North Pole Spire
Why you should be excited
North Pole Spire is a skinny tree that grows without any long side branches. The apple is much like a McIntosh.
The story of North Pole Spire
Yes, the fruit looks a lot like McIntosh.
That’d be because they’re closely related. North Pole Spire is a descendant of McIntosh Wijcik, a mutation of the original McIntosh that was discovered in British Columbia by a fellow named Wijcik.
The mutant tree grew straight and tall like its fellow Macs, but simply refused to make significant-sized side branches. The result was a narrow tree, well suited to small spaces and containers. This mutant tree has been used in breeding to create several new varieties, including North Pole Spire, all of which share this tall and skinny characteristic.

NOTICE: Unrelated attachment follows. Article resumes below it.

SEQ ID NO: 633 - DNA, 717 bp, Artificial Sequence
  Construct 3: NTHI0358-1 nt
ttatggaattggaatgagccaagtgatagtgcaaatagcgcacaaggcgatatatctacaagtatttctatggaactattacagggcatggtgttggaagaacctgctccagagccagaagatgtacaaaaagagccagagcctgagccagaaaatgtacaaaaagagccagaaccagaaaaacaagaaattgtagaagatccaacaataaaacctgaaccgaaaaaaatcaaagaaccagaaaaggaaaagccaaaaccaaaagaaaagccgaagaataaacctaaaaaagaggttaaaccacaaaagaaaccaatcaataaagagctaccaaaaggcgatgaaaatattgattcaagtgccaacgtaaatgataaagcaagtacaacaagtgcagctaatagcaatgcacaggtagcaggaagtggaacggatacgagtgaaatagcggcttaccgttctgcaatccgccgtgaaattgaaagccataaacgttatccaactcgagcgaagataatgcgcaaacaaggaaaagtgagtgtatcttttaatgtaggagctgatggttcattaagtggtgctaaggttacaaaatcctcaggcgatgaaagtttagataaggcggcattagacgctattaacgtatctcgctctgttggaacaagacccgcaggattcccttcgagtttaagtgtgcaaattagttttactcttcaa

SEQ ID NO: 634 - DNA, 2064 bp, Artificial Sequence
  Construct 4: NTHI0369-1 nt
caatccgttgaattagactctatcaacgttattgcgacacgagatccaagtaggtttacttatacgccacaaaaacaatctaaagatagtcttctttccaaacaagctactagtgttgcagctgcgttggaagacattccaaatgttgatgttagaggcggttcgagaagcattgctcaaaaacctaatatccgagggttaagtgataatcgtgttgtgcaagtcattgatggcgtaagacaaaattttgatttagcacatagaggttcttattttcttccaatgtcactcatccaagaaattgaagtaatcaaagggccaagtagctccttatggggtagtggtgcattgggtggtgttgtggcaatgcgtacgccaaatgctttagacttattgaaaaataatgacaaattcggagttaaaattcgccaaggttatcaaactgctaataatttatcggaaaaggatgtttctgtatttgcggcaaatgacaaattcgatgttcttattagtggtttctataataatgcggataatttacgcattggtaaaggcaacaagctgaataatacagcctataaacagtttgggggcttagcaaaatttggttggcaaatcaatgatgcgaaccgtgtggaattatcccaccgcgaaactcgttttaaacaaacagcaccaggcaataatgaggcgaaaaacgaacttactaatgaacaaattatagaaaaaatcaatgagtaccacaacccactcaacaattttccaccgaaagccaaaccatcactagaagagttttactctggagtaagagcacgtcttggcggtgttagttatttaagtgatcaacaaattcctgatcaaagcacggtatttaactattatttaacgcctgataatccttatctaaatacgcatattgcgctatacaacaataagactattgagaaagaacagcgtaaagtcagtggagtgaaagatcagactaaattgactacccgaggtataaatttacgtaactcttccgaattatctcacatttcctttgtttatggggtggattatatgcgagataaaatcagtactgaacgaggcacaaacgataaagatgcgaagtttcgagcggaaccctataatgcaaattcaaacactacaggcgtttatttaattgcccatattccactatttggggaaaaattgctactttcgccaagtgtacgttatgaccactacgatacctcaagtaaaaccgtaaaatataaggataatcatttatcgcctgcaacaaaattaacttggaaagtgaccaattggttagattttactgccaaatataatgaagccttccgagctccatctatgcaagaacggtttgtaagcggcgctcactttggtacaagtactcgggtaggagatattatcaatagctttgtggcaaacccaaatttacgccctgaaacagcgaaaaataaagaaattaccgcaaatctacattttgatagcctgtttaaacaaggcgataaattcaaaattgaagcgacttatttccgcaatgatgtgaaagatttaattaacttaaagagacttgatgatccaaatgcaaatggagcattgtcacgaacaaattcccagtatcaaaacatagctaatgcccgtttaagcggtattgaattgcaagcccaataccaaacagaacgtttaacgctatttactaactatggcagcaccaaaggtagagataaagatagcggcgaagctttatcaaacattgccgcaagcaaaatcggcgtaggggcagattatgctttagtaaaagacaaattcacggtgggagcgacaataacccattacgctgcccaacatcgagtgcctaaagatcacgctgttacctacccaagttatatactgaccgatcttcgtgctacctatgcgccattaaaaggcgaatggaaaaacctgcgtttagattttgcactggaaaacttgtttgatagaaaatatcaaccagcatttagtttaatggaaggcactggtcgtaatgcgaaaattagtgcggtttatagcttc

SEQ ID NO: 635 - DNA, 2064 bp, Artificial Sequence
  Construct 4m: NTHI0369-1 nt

So here it is, essentially a super-skinny tree producing a Mac-like apple, except even redder.
North Pole Spire Facts
Bred in Canada; 1990s introduction.
Flavour, aroma, texture
Juicy, crisp, white flesh with strong, straightforward apple flavour. Highly aromatic.
A bright red, often even crimson, apple.
When they’re available
Mid-season (usually in mid-September).
Quality for fresh eating
Quality for cooking
Quality for cider
Not particularly known for use in cider, although McIntosh -- this variety's ancestor -- has been popular in cider from the U.S. northeast.
Good (2 months when kept refrigerated).